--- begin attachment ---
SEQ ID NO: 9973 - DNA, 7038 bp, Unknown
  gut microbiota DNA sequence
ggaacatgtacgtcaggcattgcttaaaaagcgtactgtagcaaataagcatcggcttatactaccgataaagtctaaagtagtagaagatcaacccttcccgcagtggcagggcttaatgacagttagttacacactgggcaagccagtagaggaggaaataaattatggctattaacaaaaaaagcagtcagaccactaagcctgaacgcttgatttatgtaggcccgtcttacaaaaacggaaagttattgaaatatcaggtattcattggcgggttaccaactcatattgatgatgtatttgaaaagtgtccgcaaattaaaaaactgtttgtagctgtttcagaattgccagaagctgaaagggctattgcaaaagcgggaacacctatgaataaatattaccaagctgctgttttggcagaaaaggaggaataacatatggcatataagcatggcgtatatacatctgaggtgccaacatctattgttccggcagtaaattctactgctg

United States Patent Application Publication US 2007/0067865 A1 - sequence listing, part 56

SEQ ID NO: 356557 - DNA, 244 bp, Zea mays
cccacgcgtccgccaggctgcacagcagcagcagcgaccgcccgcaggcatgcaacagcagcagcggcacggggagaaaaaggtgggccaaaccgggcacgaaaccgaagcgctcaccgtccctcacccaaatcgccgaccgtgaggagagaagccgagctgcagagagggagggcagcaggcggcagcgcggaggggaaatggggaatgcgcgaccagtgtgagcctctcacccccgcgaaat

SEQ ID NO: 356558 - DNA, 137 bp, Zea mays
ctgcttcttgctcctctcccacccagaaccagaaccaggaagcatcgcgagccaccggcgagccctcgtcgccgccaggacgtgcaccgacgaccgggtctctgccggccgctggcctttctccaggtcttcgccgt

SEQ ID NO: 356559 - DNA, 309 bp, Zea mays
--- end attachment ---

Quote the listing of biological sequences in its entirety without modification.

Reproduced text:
SEQ ID NO: 9973 - DNA, 7038 bp, Unknown
  gut microbiota DNA sequence
ggaacatgtacgtcaggcattgcttaaaaagcgtactgtagcaaataagcatcggcttatactaccgataaagtctaaagtagtagaagatcaacccttcccgcagtggcagggcttaatgacagttagttacacactgggcaagccagtagaggaggaaataaattatggctattaacaaaaaaagcagtcagaccactaagcctgaacgcttgatttatgtaggcccgtcttacaaaaacggaaagttattgaaatatcaggtattcattggcgggttaccaactcatattgatgatgtatttgaaaagtgtccgcaaattaaaaaactgtttgtagctgtttcagaattgccagaagctgaaagggctattgcaaaagcgggaacacctatgaataaatattaccaagctgctgttttggcagaaaaggaggaataacatatggcatataagcatggcgtatatacatctgaggtgccaacatctattgttccggcagtaaattctactgctg

United States Patent Application Publication US 2007/0067865 A1 - sequence listing, part 56

SEQ ID NO: 356557 - DNA, 244 bp, Zea mays
cccacgcgtccgccaggctgcacagcagcagcagcgaccgcccgcaggcatgcaacagcagcagcggcacggggagaaaaaggtgggccaaaccgggcacgaaaccgaagcgctcaccgtccctcacccaaatcgccgaccgtgaggagagaagccgagctgcagagagggagggcagcaggcggcagcgcggaggggaaatggggaatgcgcgaccagtgtgagcctctcacccccgcgaaat

SEQ ID NO: 356558 - DNA, 137 bp, Zea mays
ctgcttcttgctcctctcccacccagaaccagaaccaggaagcatcgcgagccaccggcgagccctcgtcgccgccaggacgtgcaccgacgaccgggtctctgccggccgctggcctttctccaggtcttcgccgt

SEQ ID NO: 356559 - DNA, 309 bp, Zea mays